Pound rises and Euro halts before FOMC
JULY 29, 2020
The U.S. Dollar is trading in mixed ranges, preventing further losses against Euro and some majors, but losing over half a percent of value against the Pound and Mexican Peso.
For the most part, the buck has settled that it is on a weakening trend before the Federal Reserve meeting and press conference today at 2PM. Equity markets welcome any idea of a more committed Fed, especially as it explains its new role in directly lending to have a positive effect on business flows.
Oil prices look optimistic as reports of inventory falling last week leave more room for production as demand keeps increasing. The Mexican Peso has been a beneficiary now trading at its strongest level since the start of June. We shall see how today’s busy Fed talk will influence an FX market that is now digesting new issues with COVID-19 and a slower recovery than desired in China, who’s economic momentum seems to have stalled since July.
What to Watch Today…
- No major events scheduled today
Complete Economic Calendar can be found here.
The Euro remains strong having reached its best level in about two years this week. The shared currency will be tested tomorrow and Friday as a slew of data on confidence and Gross Domestic Product is released.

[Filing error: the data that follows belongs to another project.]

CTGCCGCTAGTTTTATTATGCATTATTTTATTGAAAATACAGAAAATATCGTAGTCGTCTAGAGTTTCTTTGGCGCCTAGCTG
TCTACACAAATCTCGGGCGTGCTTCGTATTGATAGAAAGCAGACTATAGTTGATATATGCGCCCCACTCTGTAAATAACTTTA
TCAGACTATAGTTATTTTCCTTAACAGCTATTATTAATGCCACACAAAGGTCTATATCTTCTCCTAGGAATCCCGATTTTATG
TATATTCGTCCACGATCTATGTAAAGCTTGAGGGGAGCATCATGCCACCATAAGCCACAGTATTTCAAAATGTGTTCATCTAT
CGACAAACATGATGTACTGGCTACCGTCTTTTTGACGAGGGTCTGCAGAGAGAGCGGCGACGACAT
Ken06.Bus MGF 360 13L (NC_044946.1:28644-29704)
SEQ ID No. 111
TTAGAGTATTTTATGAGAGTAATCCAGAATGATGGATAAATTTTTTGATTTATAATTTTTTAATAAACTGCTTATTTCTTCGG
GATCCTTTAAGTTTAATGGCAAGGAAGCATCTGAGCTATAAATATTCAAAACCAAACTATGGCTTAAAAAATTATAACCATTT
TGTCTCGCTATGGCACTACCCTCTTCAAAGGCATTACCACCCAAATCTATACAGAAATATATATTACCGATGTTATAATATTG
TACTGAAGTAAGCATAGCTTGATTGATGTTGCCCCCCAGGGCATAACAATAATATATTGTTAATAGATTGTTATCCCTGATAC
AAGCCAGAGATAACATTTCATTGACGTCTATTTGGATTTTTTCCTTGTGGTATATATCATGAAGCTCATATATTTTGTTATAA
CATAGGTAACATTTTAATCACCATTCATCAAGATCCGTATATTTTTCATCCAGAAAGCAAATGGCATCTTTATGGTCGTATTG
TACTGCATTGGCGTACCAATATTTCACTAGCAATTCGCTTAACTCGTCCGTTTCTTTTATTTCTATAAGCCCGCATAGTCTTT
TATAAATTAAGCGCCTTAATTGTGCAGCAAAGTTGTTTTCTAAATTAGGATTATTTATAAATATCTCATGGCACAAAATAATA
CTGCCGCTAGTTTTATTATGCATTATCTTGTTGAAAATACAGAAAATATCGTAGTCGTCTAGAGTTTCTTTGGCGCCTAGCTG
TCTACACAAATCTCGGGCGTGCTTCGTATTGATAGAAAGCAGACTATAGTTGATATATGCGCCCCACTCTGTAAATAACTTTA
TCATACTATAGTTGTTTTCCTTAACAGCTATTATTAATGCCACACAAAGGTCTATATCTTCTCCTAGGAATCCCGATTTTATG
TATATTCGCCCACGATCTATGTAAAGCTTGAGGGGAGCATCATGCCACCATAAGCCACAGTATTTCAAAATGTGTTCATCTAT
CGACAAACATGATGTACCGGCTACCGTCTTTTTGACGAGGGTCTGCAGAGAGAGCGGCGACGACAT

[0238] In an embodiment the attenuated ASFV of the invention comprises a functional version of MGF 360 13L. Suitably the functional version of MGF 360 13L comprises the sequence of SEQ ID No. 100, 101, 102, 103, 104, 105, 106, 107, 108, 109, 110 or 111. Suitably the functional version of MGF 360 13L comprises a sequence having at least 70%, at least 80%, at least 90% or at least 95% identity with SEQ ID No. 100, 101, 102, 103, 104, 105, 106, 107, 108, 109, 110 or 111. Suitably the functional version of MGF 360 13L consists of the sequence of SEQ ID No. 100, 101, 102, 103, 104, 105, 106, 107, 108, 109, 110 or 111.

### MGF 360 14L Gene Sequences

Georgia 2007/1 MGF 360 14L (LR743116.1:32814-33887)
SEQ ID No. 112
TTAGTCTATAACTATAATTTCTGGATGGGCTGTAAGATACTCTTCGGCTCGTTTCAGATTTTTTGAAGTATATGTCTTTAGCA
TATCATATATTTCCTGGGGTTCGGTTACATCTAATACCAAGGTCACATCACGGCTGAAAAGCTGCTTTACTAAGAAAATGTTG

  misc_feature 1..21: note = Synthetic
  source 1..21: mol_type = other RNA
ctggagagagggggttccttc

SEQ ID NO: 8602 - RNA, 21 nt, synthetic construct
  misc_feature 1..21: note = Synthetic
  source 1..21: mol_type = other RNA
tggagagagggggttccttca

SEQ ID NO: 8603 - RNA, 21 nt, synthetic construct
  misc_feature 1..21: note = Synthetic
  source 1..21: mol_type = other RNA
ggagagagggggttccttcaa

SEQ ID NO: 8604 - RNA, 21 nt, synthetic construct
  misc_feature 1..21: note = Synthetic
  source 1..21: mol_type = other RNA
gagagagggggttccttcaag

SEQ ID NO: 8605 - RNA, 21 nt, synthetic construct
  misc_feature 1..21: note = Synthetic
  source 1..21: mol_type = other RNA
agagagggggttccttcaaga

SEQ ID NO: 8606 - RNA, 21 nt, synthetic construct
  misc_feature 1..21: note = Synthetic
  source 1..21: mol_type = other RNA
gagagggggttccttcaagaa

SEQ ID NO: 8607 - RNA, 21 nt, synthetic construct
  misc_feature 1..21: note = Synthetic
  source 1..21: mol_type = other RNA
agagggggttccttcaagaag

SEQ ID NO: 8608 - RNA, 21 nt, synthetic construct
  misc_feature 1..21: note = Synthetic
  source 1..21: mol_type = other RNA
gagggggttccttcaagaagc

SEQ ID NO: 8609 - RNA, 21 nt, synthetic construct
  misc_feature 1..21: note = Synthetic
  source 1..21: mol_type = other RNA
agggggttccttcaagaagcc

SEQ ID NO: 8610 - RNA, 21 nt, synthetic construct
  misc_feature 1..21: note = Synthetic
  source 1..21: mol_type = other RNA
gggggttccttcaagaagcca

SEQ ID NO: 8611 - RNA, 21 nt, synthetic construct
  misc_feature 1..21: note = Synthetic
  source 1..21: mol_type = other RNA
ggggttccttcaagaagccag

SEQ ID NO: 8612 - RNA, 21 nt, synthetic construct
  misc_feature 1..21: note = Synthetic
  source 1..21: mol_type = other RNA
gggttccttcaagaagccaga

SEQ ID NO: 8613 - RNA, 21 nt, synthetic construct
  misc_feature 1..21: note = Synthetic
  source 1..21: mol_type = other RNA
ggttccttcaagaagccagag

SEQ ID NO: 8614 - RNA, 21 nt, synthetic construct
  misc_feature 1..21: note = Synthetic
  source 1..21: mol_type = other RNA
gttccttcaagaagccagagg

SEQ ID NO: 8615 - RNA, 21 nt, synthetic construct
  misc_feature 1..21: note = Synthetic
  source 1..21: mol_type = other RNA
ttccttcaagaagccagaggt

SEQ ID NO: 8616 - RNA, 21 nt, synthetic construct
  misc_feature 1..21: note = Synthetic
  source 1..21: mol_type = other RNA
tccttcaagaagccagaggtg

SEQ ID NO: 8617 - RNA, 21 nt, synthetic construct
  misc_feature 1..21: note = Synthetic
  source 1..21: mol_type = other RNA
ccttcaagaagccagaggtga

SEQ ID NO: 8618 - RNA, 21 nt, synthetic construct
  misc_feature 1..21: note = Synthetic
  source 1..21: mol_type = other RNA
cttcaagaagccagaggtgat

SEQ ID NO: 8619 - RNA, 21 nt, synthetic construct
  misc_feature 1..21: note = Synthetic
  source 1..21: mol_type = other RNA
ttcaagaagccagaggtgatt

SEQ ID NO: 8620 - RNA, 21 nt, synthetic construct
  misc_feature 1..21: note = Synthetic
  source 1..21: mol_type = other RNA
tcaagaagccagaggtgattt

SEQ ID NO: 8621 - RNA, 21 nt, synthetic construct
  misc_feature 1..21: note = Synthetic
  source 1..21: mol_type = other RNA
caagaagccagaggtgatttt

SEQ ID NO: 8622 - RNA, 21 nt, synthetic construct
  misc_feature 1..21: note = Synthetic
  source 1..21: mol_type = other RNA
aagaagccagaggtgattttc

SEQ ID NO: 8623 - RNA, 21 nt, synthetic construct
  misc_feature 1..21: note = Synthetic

Today’s statistics came mostly from Spain and Italy with Retail Sales, Wages, and Retails Sales all showing major improvement in the months of June and July. A Euro-zone that gets away from distractions and contractions shall see further prosperity and we believe it could improve Euro only slightly but guarantee its high-level range.
The Pound is trading at its strongest level in four months, climbing somewhat rapidly this week based primarily on a loss of appetite for the dollar as COVID-19 continues its havoc. U.K. pharmaceutical firms Glaxo-Smith-Kline and Sanofi have signed a deal with the government to guarantee distribution of 60MM vaccinations. There is not much on schedule in terms of data for Britain the next few days, but any doubts that may emerge from European GDP and our own domestic figures could add to Sterling’s steam.